Monday, September 30, 2013

Expat experiences

My book was published by Summertime Publishing which specializes in books by expats and about the issues facing expats, whether the effect on the families, the kids, being an expat wife or a memoir about living abroad like mine. We read each others’ books and review them and so I have been exposed to books which I would never usually read.

For example, I read Perking the Pansies by Jack Scott - a tale of two gay men in Turkey. A fabulously witty, funny and insightful book about Turkey and the adventures of Jack and Liam. What was interesting is even though Turkey is not the DR, the issues facing expats are often similar.

You can visit Jack's website here

Another book I really enjoyed was Expat Life, Slice by Slice by Apple Gidley. It is a story of her life and childhood moving around the world and as well as superb writing which brings the places to life, it looks at all sorts of issues which affect expats such as child rearing in foreign countries, making friends, dealing with elderly relatives at home and relationship management.

Apple's book available here

Reading all these different books has got me thinking as to how people change and cope when they spend a long time in a foreign country. I am English and always will be although I have lived in the DR for 12 years on November 2nd! I am married to a Dominican, have Dominican step kids, live in a purely Dominican campo and only speak English to my mother on Skype and if I ever have English speaking visitors. But I will never be Dominican. I will always speak Spanish with an English accent, and I don’t think I will ever act or think like a Dominican. But having said that I could not imagine living in England again. Not being able to pop into anyone’s house without letting them know I was coming; not having people calling round at all times of the day or night with an avocado, plate of food or cup of coffee; not listening to music everywhere you go; not laughing most of the day.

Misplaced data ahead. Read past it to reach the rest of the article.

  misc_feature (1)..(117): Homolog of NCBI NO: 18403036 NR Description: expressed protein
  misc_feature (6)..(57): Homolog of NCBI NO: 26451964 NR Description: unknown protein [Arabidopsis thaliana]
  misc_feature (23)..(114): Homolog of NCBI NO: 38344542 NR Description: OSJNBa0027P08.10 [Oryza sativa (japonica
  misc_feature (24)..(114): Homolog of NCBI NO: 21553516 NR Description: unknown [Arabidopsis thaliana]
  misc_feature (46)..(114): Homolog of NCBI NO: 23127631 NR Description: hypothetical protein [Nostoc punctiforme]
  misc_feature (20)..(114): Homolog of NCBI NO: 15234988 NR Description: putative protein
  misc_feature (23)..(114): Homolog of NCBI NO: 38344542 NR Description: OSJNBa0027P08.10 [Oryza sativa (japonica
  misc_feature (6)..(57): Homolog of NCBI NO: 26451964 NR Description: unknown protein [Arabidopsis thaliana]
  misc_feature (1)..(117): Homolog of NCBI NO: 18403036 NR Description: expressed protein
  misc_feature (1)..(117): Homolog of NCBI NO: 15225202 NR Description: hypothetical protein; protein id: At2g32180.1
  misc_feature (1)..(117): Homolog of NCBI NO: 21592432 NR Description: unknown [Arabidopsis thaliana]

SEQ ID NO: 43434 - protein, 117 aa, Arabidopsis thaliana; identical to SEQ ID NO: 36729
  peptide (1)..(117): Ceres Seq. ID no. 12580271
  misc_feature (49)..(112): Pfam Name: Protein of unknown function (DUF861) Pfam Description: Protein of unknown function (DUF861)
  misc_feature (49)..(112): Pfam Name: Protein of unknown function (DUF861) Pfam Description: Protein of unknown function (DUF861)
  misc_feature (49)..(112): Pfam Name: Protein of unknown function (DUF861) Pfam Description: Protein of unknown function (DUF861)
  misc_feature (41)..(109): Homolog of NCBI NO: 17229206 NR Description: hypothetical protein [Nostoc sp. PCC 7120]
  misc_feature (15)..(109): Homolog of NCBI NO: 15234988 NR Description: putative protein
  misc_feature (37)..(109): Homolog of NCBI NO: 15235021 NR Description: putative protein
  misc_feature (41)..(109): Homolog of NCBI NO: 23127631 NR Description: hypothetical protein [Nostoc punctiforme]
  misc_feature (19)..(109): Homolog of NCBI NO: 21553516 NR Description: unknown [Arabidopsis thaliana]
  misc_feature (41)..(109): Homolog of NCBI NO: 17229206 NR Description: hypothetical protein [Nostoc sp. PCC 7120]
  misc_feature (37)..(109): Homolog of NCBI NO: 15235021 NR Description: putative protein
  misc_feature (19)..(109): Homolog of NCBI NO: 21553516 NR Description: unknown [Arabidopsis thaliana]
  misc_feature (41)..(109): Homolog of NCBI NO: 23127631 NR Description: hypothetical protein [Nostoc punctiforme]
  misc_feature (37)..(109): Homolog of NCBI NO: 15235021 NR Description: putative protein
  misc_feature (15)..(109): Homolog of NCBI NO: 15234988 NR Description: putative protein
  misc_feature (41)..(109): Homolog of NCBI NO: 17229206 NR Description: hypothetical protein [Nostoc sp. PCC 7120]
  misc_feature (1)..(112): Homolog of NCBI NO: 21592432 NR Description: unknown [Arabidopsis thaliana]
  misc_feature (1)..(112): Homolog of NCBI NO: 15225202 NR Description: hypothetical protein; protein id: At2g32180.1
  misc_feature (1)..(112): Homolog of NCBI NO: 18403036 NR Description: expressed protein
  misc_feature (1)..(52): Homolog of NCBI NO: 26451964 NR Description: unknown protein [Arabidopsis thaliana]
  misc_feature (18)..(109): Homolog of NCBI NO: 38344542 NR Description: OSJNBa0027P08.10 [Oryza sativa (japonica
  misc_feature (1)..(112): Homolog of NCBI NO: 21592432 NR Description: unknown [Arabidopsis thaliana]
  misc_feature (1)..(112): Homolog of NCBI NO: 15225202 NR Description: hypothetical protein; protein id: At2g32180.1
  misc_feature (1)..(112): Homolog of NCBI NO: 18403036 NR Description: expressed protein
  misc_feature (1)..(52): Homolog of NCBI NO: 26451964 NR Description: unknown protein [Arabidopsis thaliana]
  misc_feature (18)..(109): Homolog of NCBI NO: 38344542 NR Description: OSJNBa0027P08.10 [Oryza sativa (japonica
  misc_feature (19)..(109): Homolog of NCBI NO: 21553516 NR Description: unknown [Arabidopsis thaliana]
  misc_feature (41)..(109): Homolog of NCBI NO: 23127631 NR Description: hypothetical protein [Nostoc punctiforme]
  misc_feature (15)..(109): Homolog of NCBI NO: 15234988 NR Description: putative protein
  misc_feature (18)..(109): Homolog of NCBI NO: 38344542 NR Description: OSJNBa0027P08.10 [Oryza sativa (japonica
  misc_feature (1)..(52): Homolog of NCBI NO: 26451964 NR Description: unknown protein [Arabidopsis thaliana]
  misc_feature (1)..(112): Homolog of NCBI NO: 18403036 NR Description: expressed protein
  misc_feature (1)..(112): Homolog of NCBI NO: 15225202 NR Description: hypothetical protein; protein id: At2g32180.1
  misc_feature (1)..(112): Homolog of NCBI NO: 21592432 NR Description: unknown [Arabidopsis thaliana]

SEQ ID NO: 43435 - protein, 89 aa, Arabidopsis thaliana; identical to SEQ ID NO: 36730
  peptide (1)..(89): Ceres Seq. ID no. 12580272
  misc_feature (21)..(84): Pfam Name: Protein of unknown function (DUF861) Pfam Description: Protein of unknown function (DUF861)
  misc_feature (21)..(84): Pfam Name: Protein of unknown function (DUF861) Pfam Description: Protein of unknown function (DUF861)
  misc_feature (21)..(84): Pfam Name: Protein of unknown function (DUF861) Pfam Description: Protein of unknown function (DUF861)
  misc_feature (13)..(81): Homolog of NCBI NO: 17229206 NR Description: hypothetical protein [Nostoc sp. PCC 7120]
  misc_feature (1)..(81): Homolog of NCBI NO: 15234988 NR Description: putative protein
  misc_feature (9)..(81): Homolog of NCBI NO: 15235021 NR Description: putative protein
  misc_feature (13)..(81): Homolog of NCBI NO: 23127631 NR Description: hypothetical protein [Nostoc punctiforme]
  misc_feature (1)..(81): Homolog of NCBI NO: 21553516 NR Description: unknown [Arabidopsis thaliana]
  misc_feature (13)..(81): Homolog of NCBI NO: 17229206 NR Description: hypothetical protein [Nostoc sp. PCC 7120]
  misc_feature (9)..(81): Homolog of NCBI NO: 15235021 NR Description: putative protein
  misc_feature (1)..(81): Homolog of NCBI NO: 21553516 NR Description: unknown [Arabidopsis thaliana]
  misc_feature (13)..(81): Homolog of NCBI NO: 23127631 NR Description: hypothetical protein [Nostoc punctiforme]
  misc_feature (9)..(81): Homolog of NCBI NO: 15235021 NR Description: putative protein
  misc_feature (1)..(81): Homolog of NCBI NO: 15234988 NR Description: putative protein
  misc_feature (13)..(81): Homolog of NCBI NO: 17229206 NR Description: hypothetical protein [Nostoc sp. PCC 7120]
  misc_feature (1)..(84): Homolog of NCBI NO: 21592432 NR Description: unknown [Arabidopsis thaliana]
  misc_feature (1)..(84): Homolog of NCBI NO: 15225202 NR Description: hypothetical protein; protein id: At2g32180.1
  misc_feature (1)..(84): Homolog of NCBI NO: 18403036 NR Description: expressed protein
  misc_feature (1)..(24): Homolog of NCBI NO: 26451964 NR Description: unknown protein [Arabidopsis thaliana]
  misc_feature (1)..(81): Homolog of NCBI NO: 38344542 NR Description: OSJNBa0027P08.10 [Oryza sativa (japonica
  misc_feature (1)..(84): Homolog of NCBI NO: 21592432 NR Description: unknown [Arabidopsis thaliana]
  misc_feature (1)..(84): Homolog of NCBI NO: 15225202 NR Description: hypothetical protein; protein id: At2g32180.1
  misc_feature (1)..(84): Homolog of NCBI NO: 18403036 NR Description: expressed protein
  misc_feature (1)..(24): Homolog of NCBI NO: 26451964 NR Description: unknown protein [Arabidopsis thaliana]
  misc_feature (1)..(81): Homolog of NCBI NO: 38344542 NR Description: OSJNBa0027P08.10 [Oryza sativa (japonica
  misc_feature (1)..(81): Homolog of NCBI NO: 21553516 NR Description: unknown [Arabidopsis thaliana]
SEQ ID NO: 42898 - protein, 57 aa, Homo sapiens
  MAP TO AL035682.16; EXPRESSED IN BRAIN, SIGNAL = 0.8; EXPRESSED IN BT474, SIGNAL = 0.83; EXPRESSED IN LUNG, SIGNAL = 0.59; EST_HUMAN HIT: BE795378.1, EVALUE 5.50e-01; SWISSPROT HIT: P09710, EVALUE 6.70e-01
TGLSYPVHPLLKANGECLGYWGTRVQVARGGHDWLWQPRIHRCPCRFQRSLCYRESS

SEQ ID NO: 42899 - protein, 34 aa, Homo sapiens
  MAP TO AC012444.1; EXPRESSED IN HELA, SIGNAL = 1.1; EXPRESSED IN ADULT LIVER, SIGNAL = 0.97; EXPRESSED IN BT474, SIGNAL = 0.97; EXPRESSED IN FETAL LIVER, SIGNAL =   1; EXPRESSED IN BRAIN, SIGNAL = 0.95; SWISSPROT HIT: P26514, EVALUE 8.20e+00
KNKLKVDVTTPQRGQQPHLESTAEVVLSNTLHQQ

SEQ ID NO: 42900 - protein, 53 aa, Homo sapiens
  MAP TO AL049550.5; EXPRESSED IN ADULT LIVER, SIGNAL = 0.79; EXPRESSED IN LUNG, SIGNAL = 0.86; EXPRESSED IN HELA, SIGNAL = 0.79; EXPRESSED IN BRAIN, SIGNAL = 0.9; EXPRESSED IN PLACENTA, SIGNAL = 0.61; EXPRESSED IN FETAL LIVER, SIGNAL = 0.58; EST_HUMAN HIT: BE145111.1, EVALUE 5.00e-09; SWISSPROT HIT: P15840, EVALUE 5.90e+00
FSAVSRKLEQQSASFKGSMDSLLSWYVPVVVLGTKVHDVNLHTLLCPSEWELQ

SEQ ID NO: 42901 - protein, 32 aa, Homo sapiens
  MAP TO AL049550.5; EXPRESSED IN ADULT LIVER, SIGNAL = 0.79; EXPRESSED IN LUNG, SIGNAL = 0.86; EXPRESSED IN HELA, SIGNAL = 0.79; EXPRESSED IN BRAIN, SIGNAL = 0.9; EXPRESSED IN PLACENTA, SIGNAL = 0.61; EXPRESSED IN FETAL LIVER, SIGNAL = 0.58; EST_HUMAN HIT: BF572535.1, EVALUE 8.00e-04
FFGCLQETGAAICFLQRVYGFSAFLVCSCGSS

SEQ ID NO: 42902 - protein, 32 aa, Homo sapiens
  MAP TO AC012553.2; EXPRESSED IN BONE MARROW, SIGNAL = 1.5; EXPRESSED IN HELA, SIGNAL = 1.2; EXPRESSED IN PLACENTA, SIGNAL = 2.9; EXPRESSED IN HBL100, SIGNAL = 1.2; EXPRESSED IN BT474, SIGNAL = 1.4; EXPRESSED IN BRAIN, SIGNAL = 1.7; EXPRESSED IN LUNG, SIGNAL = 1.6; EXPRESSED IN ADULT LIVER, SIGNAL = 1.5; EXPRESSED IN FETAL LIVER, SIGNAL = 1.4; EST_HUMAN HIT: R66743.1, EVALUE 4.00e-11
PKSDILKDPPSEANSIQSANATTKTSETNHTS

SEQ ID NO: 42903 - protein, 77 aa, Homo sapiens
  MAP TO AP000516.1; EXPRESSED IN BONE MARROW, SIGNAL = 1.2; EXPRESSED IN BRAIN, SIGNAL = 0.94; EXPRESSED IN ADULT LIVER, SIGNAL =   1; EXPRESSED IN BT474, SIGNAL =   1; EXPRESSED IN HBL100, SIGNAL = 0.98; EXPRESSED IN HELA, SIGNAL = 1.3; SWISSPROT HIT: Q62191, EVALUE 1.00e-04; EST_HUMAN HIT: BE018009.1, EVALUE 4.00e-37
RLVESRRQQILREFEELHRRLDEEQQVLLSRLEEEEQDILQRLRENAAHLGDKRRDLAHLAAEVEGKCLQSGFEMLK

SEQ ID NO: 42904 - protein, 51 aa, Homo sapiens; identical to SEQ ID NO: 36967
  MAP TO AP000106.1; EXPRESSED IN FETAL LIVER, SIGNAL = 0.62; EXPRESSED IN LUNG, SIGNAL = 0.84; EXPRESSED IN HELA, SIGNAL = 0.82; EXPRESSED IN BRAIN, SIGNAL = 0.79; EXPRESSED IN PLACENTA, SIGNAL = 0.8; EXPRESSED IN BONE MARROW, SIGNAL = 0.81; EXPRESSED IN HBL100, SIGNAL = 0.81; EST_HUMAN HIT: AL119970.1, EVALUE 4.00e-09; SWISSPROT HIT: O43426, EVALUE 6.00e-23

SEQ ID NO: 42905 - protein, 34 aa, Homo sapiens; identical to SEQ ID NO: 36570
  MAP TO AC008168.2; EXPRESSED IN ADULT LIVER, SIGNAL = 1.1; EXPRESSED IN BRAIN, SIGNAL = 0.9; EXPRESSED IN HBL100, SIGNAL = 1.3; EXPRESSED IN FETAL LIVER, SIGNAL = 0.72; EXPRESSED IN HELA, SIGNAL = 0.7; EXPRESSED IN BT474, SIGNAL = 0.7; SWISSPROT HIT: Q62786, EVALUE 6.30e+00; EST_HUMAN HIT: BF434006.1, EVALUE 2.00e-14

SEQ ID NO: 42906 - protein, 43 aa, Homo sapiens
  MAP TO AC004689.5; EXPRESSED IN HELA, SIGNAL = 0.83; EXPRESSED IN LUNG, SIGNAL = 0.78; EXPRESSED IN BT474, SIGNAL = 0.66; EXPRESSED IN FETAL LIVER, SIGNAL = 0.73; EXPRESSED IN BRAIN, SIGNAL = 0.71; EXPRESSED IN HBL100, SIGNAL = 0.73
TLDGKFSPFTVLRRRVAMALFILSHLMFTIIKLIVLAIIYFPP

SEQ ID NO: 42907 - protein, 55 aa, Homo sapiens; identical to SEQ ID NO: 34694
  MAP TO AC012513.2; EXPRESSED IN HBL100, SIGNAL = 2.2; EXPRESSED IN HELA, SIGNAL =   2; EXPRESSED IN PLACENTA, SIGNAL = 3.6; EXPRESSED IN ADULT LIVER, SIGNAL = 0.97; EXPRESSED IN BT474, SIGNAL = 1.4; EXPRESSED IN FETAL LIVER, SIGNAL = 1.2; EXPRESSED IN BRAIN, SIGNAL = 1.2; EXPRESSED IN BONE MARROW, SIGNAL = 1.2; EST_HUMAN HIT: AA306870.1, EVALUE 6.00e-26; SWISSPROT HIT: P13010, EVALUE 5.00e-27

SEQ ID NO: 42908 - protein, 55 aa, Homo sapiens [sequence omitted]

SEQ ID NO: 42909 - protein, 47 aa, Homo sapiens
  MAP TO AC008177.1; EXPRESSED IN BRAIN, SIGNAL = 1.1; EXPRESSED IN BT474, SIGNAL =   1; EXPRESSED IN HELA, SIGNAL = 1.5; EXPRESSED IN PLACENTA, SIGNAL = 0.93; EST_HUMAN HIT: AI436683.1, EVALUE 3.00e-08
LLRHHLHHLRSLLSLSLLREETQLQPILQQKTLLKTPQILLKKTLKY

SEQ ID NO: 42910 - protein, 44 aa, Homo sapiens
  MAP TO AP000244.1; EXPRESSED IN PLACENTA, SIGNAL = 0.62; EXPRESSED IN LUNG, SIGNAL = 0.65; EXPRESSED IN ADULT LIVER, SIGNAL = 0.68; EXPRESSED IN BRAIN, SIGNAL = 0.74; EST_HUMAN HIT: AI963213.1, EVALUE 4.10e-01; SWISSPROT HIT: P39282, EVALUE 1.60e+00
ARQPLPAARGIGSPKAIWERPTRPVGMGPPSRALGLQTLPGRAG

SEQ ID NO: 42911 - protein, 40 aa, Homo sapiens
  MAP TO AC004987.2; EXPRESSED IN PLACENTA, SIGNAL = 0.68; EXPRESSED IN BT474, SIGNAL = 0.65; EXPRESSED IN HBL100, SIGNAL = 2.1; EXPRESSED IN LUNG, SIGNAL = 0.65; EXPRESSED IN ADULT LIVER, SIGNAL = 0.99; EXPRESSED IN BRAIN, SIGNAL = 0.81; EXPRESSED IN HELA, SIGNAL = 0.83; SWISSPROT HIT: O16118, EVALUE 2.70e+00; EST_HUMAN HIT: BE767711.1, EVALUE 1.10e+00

That is not to say I will not change the way I do some things. I used to be conscious of being on time, time was important to me. Now it is not. The Dominican way is to be late and unless I am meeting a fellow Brit I will not panic if I am late. If people are coming for dinner I never expect them to arrive on time and plan accordingly. I remember once we had dinner at home and I was just going to bed when my husband exclaimed that he had forgotten we had been invited to dinner in Santo Domingo, an hour away. I had to get out of my pyjamas, get in the car and we arrived at 11.30 at night for dinner – the second dinner of the night. Everyone else was there and they were all starving, waiting for us to arrive.

But in many ways I will always be English. I will cook English food; cut off a piece of cheese if I want to eat it, unlike this piece I found in the fridge a couple of days ago. I don't need forensic analysis to recognise those teeth marks, and they don't belong to a mouse.

People born in one culture, growing up in one culture and then moving to another face special and often rewarding challenges and even more so the children. They call them TCKs – Third Culture Kids. I receive many emails from people every day about this blog, or my book, and I recently received one from a film producer, Rahul Gandotra who had made a short film about this very issue. It wasn't just any old film, it was actually shortlisted for an Academy Award. He sent me a link to watch the film for free.

You  can download the film here